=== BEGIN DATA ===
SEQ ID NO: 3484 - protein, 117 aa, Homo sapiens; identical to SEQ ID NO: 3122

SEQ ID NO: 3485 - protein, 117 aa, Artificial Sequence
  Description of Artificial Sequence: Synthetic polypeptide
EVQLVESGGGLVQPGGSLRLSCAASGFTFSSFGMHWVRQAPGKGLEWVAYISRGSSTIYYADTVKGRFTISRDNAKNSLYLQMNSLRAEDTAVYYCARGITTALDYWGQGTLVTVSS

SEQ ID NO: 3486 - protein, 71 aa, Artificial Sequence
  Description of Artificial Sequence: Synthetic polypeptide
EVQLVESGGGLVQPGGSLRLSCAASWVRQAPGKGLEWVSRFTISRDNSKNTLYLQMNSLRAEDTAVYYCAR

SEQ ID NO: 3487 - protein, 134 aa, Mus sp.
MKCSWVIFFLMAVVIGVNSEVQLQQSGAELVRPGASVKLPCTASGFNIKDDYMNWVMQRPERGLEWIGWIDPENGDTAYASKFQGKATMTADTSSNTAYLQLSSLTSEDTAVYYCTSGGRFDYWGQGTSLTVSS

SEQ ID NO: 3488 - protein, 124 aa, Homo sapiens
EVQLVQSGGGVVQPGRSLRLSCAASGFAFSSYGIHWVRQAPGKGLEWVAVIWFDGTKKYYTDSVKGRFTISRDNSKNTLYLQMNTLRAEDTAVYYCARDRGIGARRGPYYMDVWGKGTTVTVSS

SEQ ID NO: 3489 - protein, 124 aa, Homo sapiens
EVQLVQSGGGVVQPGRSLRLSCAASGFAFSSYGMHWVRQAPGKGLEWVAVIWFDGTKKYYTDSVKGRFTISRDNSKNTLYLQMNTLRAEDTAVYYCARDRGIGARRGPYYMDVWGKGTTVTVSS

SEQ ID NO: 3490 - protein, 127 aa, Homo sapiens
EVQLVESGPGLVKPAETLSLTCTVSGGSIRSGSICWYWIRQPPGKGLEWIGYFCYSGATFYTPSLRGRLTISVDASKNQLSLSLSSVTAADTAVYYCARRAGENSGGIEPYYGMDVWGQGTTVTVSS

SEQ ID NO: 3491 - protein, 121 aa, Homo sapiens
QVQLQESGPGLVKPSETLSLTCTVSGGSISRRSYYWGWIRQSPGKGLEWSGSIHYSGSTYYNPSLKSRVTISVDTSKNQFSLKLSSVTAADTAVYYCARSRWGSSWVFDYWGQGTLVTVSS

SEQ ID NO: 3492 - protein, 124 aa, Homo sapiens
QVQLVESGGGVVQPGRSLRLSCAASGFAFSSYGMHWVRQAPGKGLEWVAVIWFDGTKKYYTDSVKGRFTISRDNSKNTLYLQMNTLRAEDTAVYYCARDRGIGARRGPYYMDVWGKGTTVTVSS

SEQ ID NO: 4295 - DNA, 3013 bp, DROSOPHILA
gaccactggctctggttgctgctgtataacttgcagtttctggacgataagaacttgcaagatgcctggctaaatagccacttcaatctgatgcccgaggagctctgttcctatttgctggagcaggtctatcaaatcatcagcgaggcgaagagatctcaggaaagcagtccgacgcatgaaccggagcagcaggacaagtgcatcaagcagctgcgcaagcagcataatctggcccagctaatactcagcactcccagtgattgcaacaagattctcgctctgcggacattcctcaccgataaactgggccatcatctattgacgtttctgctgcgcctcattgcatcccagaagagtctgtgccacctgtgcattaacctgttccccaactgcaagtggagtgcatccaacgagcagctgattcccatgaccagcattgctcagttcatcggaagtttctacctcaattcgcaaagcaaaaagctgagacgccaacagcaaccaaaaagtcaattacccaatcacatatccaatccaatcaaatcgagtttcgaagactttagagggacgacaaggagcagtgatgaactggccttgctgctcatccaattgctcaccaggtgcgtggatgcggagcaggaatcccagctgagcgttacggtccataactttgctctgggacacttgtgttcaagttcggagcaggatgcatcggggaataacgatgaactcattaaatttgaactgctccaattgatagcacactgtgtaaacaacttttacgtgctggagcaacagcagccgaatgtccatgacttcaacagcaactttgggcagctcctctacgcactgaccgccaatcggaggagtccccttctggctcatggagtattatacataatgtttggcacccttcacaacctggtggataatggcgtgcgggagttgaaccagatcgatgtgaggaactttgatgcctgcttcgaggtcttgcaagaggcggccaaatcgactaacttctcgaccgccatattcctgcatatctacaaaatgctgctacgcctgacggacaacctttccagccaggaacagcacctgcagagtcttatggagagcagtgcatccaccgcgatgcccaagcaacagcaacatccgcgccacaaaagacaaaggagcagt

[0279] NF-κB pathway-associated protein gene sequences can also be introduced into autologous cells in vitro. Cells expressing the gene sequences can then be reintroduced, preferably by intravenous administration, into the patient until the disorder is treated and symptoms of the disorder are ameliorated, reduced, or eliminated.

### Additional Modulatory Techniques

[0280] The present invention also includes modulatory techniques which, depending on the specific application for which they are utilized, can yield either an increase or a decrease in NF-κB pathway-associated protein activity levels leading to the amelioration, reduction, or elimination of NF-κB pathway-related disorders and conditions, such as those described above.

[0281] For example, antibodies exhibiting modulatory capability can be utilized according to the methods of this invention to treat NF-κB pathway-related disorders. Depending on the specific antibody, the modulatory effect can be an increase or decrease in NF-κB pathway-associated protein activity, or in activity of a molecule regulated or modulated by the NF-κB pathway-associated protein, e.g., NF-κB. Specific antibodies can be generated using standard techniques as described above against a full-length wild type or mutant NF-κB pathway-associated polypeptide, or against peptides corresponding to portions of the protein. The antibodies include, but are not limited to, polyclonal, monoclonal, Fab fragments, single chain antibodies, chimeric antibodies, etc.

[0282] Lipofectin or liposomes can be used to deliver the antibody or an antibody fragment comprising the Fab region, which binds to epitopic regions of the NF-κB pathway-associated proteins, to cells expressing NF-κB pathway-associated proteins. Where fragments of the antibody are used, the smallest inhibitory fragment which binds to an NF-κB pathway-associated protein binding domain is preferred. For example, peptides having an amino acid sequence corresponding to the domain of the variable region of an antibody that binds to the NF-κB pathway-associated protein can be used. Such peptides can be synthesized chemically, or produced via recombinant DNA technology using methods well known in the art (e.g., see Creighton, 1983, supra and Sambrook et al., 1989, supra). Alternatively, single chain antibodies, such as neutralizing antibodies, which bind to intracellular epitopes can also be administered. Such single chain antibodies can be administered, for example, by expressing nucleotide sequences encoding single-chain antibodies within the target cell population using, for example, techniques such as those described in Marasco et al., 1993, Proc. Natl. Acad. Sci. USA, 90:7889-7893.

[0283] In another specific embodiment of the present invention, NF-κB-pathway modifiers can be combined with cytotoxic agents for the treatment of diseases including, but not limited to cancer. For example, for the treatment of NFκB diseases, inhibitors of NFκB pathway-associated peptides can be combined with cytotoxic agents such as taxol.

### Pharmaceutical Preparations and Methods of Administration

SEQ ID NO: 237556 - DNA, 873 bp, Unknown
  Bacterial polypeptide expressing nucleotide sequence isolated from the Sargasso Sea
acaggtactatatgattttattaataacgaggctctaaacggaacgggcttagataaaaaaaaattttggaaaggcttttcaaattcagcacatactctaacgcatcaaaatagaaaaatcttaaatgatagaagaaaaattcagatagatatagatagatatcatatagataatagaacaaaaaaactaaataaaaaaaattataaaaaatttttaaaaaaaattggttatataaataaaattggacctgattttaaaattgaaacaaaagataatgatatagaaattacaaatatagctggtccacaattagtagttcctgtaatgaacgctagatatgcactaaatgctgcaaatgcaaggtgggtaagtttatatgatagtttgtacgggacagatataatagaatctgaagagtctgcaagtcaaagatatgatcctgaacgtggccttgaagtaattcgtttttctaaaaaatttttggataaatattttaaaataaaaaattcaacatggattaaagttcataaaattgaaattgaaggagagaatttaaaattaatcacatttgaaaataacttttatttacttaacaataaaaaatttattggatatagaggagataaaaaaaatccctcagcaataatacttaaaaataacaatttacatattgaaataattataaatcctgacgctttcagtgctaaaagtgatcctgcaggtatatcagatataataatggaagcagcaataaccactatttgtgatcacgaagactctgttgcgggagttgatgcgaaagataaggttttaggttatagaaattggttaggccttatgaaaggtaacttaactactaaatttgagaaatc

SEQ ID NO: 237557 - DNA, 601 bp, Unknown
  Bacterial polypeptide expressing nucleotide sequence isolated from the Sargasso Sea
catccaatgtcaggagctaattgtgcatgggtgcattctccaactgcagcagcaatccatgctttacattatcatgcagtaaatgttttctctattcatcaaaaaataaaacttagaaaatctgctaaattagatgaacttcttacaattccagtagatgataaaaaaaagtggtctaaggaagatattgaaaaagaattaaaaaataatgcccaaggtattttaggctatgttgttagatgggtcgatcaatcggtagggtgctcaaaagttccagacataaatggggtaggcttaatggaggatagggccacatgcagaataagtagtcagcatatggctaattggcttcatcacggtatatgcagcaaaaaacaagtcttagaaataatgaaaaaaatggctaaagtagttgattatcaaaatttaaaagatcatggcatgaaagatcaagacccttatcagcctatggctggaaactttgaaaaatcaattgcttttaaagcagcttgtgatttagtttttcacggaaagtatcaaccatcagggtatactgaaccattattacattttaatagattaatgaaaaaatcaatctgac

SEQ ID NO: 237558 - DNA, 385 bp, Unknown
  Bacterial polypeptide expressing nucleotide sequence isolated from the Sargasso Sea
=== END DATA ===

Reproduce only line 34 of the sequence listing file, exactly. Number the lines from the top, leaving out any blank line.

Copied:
catccaatgtcaggagctaattgtgcatgggtgcattctccaactgcagcagcaatccatgctttacattatcatgcagtaaatgttttctctattcatcaaaaaataaaacttagaaaatctgctaaattagatgaacttcttacaattccagtagatgataaaaaaaagtggtctaaggaagatattgaaaaagaattaaaaaataatgcccaaggtattttaggctatgttgttagatgggtcgatcaatcggtagggtgctcaaaagttccagacataaatggggtaggcttaatggaggatagggccacatgcagaataagtagtcagcatatggctaattggcttcatcacggtatatgcagcaaaaaacaagtcttagaaataatgaaaaaaatggctaaagtagttgattatcaaaatttaaaagatcatggcatgaaagatcaagacccttatcagcctatggctggaaactttgaaaaatcaattgcttttaaagcagcttgtgatttagtttttcacggaaagtatcaaccatcagggtatactgaaccattattacattttaatagattaatgaaaaaatcaatctgac